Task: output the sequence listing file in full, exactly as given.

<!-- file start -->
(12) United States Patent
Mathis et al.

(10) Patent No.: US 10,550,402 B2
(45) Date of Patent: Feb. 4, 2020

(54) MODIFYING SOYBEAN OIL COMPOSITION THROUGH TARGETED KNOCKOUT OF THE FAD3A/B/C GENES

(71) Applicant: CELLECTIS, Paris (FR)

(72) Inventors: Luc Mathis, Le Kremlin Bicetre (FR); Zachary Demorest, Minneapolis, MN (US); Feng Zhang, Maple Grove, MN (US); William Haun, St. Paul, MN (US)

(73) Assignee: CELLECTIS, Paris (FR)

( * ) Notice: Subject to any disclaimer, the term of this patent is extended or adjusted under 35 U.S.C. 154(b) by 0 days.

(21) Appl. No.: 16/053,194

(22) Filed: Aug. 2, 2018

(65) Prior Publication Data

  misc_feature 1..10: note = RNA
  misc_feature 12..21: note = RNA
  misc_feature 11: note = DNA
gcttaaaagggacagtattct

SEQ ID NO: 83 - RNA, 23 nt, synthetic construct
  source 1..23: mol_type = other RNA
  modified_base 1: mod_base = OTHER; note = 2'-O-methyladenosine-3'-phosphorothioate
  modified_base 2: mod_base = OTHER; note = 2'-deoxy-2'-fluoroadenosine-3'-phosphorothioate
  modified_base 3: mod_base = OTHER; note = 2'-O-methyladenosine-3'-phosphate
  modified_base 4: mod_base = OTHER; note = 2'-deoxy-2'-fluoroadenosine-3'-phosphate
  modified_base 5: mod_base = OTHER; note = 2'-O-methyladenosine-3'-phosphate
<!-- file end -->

(12) United States Patent
Mathis et al.

(10) Patent No.: US 10,550,402 B2
(45) Date of Patent: Feb. 4, 2020

(54) MODIFYING SOYBEAN OIL COMPOSITION THROUGH TARGETED KNOCKOUT OF THE FAD3A/B/C GENES

(71) Applicant: CELLECTIS, Paris (FR)

(72) Inventors: Luc Mathis, Le Kremlin Bicetre (FR); Zachary Demorest, Minneapolis, MN (US); Feng Zhang, Maple Grove, MN (US); William Haun, St. Paul, MN (US)

(73) Assignee: CELLECTIS, Paris (FR)

( * ) Notice: Subject to any disclaimer, the term of this patent is extended or adjusted under 35 U.S.C. 154(b) by 0 days.

(21) Appl. No.: 16/053,194

(22) Filed: Aug. 2, 2018

(65) Prior Publication Data

  misc_feature 1..10: note = RNA
  misc_feature 12..21: note = RNA
  misc_feature 11: note = DNA
gcttaaaagggacagtattct

SEQ ID NO: 83 - RNA, 23 nt, synthetic construct
  source 1..23: mol_type = other RNA
  modified_base 1: mod_base = OTHER; note = 2'-O-methyladenosine-3'-phosphorothioate
  modified_base 2: mod_base = OTHER; note = 2'-deoxy-2'-fluoroadenosine-3'-phosphorothioate
  modified_base 3: mod_base = OTHER; note = 2'-O-methyladenosine-3'-phosphate
  modified_base 4: mod_base = OTHER; note = 2'-deoxy-2'-fluoroadenosine-3'-phosphate
  modified_base 5: mod_base = OTHER; note = 2'-O-methyladenosine-3'-phosphate